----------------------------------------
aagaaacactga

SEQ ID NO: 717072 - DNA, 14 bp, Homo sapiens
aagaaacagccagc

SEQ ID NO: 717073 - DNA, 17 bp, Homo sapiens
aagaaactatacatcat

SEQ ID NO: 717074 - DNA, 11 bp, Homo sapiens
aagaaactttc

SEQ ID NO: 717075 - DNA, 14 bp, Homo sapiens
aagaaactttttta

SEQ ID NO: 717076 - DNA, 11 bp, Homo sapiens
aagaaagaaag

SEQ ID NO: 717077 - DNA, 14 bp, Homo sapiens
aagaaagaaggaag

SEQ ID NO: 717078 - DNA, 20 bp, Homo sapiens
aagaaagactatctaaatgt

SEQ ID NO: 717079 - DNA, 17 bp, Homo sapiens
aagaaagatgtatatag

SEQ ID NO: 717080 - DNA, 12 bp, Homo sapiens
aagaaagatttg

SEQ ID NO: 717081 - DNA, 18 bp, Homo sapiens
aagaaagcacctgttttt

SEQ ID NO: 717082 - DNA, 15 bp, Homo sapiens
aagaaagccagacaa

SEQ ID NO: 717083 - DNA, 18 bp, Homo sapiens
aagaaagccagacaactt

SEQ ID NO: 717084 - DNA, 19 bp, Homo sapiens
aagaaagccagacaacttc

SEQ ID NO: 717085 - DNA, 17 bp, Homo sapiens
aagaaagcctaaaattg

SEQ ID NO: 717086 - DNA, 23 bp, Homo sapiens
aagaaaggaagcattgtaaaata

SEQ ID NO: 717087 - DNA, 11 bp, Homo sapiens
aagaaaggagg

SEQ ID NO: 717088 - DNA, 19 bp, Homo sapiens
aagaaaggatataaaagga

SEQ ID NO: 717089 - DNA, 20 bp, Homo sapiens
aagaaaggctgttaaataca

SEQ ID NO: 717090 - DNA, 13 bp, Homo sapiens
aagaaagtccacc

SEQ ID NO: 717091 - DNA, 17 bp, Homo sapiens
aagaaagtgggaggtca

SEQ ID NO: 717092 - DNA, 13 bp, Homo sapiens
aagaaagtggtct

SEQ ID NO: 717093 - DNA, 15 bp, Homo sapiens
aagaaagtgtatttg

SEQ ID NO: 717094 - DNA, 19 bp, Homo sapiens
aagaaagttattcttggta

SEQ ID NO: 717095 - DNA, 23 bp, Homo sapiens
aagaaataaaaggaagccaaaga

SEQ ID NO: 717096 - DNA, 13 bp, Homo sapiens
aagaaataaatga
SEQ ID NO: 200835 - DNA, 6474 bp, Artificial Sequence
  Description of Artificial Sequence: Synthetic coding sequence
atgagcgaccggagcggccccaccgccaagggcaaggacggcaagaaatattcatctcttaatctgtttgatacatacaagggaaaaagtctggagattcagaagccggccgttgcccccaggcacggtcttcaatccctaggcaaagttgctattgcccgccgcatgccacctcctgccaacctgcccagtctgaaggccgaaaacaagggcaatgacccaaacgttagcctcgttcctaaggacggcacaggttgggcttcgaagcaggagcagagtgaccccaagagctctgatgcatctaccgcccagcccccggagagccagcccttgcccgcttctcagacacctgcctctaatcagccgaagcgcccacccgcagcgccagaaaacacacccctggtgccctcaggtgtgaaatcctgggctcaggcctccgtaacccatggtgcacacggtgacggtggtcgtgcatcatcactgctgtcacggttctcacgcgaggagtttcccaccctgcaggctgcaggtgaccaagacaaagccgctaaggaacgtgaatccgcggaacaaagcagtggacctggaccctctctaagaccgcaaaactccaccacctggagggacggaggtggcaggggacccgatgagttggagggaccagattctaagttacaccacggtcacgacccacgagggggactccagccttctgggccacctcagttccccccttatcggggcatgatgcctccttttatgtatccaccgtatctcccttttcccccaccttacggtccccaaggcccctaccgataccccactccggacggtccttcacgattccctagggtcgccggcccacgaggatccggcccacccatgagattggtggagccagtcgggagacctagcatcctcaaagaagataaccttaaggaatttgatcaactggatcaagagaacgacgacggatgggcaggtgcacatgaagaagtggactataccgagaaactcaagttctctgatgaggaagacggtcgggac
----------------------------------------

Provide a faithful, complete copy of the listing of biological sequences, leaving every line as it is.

aagaaacactga

SEQ ID NO: 717072 - DNA, 14 bp, Homo sapiens
aagaaacagccagc

SEQ ID NO: 717073 - DNA, 17 bp, Homo sapiens
aagaaactatacatcat

SEQ ID NO: 717074 - DNA, 11 bp, Homo sapiens
aagaaactttc

SEQ ID NO: 717075 - DNA, 14 bp, Homo sapiens
aagaaactttttta

SEQ ID NO: 717076 - DNA, 11 bp, Homo sapiens
aagaaagaaag

SEQ ID NO: 717077 - DNA, 14 bp, Homo sapiens
aagaaagaaggaag

SEQ ID NO: 717078 - DNA, 20 bp, Homo sapiens
aagaaagactatctaaatgt

SEQ ID NO: 717079 - DNA, 17 bp, Homo sapiens
aagaaagatgtatatag

SEQ ID NO: 717080 - DNA, 12 bp, Homo sapiens
aagaaagatttg

SEQ ID NO: 717081 - DNA, 18 bp, Homo sapiens
aagaaagcacctgttttt

SEQ ID NO: 717082 - DNA, 15 bp, Homo sapiens
aagaaagccagacaa

SEQ ID NO: 717083 - DNA, 18 bp, Homo sapiens
aagaaagccagacaactt

SEQ ID NO: 717084 - DNA, 19 bp, Homo sapiens
aagaaagccagacaacttc

SEQ ID NO: 717085 - DNA, 17 bp, Homo sapiens
aagaaagcctaaaattg

SEQ ID NO: 717086 - DNA, 23 bp, Homo sapiens
aagaaaggaagcattgtaaaata

SEQ ID NO: 717087 - DNA, 11 bp, Homo sapiens
aagaaaggagg

SEQ ID NO: 717088 - DNA, 19 bp, Homo sapiens
aagaaaggatataaaagga

SEQ ID NO: 717089 - DNA, 20 bp, Homo sapiens
aagaaaggctgttaaataca

SEQ ID NO: 717090 - DNA, 13 bp, Homo sapiens
aagaaagtccacc

SEQ ID NO: 717091 - DNA, 17 bp, Homo sapiens
aagaaagtgggaggtca

SEQ ID NO: 717092 - DNA, 13 bp, Homo sapiens
aagaaagtggtct

SEQ ID NO: 717093 - DNA, 15 bp, Homo sapiens
aagaaagtgtatttg

SEQ ID NO: 717094 - DNA, 19 bp, Homo sapiens
aagaaagttattcttggta

SEQ ID NO: 717095 - DNA, 23 bp, Homo sapiens
aagaaataaaaggaagccaaaga

SEQ ID NO: 717096 - DNA, 13 bp, Homo sapiens
aagaaataaatga
SEQ ID NO: 200835 - DNA, 6474 bp, Artificial Sequence
  Description of Artificial Sequence: Synthetic coding sequence
atgagcgaccggagcggccccaccgccaagggcaaggacggcaagaaatattcatctcttaatctgtttgatacatacaagggaaaaagtctggagattcagaagccggccgttgcccccaggcacggtcttcaatccctaggcaaagttgctattgcccgccgcatgccacctcctgccaacctgcccagtctgaaggccgaaaacaagggcaatgacccaaacgttagcctcgttcctaaggacggcacaggttgggcttcgaagcaggagcagagtgaccccaagagctctgatgcatctaccgcccagcccccggagagccagcccttgcccgcttctcagacacctgcctctaatcagccgaagcgcccacccgcagcgccagaaaacacacccctggtgccctcaggtgtgaaatcctgggctcaggcctccgtaacccatggtgcacacggtgacggtggtcgtgcatcatcactgctgtcacggttctcacgcgaggagtttcccaccctgcaggctgcaggtgaccaagacaaagccgctaaggaacgtgaatccgcggaacaaagcagtggacctggaccctctctaagaccgcaaaactccaccacctggagggacggaggtggcaggggacccgatgagttggagggaccagattctaagttacaccacggtcacgacccacgagggggactccagccttctgggccacctcagttccccccttatcggggcatgatgcctccttttatgtatccaccgtatctcccttttcccccaccttacggtccccaaggcccctaccgataccccactccggacggtccttcacgattccctagggtcgccggcccacgaggatccggcccacccatgagattggtggagccagtcgggagacctagcatcctcaaagaagataaccttaaggaatttgatcaactggatcaagagaacgacgacggatgggcaggtgcacatgaagaagtggactataccgagaaactcaagttctctgatgaggaagacggtcgggac